This will have no real visual impact and is to be done so that no structural changes are made at all.  It would be possible to knock out the breeze at any time in the future should it be desirable

2.  Securing ready-made bat-boxes to the "Y" AR wall and also some onto the inner surface of the structure.  Any screw holes to be sited along mortar lines or in pre-existing screw holes if at all possible, so as to minimize structural damage

It has been noted that other conversion projects have used ‘holed’ bricks of varying types, however bat-boxes are considered the better option.  T

3.  Half-blocking the entrance, again with lightweight concrete breeze blocks, providing a suitable entrance-hole for the bats.  This is to deter children, dogs, etc, entering, and also to protect the bats from interference.  As inspections will need to be carried out every so often, access shall not be completely restricted but just made very difficult.  (Only licensed bat handlers will access the structure only once bats have moved in.)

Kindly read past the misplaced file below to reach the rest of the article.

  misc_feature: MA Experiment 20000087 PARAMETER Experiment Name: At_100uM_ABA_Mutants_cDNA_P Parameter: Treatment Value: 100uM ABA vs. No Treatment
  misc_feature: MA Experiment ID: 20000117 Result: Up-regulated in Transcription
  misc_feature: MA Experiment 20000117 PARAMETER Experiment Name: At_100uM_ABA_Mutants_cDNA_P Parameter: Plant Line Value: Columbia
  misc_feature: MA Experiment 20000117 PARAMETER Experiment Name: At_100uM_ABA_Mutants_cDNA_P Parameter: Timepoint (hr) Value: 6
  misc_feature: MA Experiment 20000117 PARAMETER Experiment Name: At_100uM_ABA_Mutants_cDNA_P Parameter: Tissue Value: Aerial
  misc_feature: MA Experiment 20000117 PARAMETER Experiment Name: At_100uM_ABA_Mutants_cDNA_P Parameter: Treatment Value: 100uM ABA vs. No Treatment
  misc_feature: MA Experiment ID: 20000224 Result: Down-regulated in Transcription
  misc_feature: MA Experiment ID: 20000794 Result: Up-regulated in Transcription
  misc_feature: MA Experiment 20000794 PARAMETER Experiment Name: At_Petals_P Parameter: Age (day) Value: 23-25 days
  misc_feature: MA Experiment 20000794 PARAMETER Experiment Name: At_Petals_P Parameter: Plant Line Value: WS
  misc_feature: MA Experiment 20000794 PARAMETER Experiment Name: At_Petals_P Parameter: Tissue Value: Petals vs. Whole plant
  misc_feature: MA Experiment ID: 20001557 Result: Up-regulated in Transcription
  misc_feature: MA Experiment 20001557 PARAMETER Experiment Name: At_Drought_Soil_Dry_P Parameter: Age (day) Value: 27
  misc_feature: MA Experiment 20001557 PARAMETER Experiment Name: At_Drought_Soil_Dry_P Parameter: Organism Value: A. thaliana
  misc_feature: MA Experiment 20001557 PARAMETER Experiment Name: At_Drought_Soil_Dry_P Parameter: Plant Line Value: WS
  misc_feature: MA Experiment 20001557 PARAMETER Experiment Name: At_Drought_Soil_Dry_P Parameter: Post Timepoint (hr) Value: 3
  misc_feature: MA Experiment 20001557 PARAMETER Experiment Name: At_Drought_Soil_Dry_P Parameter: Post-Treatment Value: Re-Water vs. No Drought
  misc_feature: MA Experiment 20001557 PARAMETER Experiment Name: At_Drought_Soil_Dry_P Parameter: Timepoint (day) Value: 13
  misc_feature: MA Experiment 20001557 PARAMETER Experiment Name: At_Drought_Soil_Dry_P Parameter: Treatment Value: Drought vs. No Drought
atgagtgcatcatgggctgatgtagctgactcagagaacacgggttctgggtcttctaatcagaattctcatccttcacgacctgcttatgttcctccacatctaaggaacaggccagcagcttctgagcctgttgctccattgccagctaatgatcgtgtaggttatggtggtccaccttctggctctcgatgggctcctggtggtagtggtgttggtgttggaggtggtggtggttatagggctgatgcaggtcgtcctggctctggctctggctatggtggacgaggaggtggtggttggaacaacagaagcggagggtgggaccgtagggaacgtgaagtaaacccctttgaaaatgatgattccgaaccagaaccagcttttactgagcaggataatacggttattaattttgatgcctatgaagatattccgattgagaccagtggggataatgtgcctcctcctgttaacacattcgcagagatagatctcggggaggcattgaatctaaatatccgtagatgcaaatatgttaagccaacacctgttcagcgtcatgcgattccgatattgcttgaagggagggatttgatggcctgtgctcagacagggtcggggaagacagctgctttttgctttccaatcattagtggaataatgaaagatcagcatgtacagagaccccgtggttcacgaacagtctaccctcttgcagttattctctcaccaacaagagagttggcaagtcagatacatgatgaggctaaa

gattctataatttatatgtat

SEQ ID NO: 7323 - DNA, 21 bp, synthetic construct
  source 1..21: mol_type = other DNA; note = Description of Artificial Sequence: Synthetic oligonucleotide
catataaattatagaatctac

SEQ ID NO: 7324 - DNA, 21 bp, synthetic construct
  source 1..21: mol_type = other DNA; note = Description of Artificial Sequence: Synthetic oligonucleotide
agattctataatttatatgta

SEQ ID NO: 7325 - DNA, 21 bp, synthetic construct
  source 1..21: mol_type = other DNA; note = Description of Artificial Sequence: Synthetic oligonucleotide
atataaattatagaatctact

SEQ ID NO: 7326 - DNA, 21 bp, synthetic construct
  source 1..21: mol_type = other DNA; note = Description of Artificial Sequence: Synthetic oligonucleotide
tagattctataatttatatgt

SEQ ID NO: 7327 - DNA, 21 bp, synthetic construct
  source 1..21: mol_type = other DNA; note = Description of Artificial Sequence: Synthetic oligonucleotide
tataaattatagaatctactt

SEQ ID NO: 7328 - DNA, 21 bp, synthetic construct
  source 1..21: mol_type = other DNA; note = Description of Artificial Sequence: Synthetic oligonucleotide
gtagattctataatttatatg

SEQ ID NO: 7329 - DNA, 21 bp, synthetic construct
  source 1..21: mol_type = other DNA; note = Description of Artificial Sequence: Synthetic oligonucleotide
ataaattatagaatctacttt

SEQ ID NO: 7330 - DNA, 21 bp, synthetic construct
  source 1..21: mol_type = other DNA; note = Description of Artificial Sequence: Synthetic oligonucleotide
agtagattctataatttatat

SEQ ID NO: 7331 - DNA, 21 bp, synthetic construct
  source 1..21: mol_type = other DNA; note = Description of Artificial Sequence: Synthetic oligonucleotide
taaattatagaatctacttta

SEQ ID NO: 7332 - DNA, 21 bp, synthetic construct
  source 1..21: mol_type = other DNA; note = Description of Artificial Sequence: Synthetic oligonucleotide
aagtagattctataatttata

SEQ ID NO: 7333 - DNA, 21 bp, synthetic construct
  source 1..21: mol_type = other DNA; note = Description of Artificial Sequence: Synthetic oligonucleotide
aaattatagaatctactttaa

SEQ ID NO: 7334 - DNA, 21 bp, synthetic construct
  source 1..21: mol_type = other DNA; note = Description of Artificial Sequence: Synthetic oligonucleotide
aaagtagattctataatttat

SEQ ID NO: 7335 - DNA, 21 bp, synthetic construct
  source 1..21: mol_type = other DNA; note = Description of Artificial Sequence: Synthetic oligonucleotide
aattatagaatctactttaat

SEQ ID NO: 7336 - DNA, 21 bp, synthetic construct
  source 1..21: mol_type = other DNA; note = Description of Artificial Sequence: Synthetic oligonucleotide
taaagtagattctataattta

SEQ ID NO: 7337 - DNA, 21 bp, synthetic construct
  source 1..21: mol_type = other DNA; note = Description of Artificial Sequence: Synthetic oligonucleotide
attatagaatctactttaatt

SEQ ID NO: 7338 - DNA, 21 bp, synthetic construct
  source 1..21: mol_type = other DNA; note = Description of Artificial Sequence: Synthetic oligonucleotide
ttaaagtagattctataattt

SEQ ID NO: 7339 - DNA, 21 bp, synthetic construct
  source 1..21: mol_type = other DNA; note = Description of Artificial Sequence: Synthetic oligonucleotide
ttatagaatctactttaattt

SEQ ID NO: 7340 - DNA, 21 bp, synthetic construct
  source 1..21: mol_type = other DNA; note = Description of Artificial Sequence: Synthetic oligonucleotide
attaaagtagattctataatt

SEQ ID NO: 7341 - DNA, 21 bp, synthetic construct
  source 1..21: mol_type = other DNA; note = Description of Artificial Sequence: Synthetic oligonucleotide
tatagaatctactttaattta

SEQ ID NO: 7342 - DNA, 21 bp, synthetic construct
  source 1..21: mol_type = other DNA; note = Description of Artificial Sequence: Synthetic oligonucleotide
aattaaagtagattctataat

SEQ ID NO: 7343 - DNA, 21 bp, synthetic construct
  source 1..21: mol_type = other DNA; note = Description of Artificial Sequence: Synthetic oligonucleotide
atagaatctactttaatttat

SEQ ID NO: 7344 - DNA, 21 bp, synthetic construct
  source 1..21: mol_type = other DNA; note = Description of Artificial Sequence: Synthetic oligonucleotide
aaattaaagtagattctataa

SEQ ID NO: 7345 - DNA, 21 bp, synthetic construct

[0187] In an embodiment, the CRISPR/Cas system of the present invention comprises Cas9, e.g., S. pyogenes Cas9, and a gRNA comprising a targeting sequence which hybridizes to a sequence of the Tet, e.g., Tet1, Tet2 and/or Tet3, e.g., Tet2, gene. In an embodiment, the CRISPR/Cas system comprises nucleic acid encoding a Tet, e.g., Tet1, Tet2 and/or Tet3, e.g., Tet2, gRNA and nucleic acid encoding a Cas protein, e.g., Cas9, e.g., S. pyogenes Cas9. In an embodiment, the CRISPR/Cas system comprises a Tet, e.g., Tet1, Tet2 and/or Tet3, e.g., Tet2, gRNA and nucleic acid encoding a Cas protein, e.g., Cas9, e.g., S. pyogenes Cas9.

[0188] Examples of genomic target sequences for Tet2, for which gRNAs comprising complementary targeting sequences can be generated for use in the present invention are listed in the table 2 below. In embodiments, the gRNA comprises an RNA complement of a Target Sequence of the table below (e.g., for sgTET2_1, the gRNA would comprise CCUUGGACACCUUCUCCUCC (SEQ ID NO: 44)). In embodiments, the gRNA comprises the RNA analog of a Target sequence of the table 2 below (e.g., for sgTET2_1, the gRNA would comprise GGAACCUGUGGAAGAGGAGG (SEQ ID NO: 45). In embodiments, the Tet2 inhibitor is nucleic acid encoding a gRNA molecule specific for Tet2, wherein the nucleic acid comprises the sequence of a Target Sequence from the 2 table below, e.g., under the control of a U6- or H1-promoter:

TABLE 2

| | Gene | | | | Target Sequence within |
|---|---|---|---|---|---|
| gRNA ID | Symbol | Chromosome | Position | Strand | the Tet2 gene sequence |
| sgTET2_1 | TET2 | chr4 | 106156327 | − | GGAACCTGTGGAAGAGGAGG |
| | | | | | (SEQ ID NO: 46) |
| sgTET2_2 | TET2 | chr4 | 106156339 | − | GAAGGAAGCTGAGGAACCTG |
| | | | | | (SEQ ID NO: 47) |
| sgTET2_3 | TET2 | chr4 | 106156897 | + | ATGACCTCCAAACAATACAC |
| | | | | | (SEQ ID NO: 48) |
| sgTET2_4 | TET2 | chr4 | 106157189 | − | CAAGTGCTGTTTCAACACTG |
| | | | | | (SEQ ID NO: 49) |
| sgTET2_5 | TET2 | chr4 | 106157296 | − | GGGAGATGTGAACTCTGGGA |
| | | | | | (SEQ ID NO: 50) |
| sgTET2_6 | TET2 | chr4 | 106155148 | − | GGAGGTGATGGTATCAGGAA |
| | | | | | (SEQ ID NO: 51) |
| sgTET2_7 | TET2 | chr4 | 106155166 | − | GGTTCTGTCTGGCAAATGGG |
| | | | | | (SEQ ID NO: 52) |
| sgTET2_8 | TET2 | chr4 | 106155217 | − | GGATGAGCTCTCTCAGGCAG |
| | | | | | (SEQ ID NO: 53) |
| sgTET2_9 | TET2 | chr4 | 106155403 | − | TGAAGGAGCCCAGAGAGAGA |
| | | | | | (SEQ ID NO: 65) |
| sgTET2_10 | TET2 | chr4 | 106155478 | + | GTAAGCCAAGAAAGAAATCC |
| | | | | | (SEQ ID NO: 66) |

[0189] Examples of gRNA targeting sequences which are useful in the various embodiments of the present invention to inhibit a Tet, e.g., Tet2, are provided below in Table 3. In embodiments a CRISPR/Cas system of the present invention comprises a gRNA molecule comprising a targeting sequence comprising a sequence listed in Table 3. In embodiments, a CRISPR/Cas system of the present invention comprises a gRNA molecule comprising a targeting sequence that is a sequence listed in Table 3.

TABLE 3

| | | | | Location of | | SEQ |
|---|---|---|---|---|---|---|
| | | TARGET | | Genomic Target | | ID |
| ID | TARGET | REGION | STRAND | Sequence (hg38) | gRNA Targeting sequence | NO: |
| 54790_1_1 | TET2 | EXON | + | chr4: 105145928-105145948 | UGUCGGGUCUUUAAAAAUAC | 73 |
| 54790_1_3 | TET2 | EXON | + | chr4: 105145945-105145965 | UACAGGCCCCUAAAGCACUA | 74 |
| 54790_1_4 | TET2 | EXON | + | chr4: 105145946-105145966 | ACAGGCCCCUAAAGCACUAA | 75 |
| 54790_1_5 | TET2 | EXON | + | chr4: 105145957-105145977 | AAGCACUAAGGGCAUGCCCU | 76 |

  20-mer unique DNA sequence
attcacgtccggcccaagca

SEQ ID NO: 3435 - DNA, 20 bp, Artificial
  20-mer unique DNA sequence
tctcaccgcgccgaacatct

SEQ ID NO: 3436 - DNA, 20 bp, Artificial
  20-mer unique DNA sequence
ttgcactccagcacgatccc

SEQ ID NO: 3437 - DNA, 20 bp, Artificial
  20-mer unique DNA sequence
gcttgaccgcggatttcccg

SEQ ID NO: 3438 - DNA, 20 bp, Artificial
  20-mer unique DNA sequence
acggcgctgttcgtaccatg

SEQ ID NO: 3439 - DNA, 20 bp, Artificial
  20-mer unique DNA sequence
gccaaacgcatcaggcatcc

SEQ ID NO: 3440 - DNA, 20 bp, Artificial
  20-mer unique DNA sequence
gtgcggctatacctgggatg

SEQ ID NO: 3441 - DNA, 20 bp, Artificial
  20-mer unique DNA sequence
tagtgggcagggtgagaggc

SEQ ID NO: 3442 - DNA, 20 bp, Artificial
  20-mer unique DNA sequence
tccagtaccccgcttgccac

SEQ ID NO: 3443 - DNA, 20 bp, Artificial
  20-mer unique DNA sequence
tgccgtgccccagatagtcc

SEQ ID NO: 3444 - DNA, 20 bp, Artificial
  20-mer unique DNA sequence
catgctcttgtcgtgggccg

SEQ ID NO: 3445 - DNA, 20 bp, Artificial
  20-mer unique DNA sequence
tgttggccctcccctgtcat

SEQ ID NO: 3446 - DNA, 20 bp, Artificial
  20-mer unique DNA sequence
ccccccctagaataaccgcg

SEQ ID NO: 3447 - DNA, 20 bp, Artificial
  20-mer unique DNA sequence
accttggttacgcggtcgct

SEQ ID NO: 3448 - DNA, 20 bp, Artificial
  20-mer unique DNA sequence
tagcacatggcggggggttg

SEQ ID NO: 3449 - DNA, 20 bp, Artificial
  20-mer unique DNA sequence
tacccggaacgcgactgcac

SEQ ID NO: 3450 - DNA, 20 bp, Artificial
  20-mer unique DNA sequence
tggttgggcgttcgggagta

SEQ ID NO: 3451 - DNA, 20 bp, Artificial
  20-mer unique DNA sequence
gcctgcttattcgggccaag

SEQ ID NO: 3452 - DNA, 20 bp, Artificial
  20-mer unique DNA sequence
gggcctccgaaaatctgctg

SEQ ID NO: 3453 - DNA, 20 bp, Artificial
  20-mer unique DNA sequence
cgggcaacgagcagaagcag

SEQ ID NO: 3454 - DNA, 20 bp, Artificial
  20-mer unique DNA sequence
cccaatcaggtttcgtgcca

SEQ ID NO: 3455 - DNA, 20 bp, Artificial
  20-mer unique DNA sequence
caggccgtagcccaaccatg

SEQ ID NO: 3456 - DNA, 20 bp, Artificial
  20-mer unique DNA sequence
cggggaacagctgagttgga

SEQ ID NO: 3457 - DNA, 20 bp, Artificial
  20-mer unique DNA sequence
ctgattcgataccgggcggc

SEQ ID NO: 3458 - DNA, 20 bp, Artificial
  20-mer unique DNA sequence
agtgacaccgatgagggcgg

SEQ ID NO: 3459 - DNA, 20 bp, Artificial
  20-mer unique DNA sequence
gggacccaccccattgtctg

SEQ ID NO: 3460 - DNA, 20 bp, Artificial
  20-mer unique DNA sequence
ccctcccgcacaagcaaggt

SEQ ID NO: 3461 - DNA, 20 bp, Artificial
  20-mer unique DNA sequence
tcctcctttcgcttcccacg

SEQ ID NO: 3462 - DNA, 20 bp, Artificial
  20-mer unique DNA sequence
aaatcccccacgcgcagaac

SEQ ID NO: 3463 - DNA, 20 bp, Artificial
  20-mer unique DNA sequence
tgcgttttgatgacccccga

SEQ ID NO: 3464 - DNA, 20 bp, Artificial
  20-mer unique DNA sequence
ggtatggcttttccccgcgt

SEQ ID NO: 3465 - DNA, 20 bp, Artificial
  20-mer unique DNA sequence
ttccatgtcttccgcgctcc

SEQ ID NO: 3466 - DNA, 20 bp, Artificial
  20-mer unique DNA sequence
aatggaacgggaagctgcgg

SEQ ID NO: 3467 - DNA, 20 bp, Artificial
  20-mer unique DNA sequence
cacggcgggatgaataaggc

Alternatively, a strong wooden frame mounted from inside and then a ‘door’ of double marine-ply or similar bolted with tamper-proof or key-operated bolts or screws from the outside would seem to fit the bill.

4.  Maintaining dampness within the structure by piping runoff rain-water into the entrance.

5.  Erecting an information board may be carried out – although this may encourage the wrong type of inquisitor.

6.  Monitor the presence of bats using suitable bat detectors.

Work Plan

The plan is to carry out the work over two tasks:

September 2010 - Block all gun-holes and fix bat boxes to walls

Materials: 

For blocking the gun-holes: 12 light-weight concrete blocks, cement, sand and water;

For the bat-boxes: ready-made bat boxes, gripfill, screws.

Tools:

Wheelbarrow, spade, trowel, bolster, lump-hammer, cordless hammer-drill, torches.

October 2010 - Build entrance wall

Materials & equipment:

To be confirmed.


Dryads Saddle (428KB) Caterpillar (396KB) Water Rat nest (668KB) Orange Underwing moth (224KB) Wild poppy field, Headbourne Worthy (580KB) Common lizard (400KB)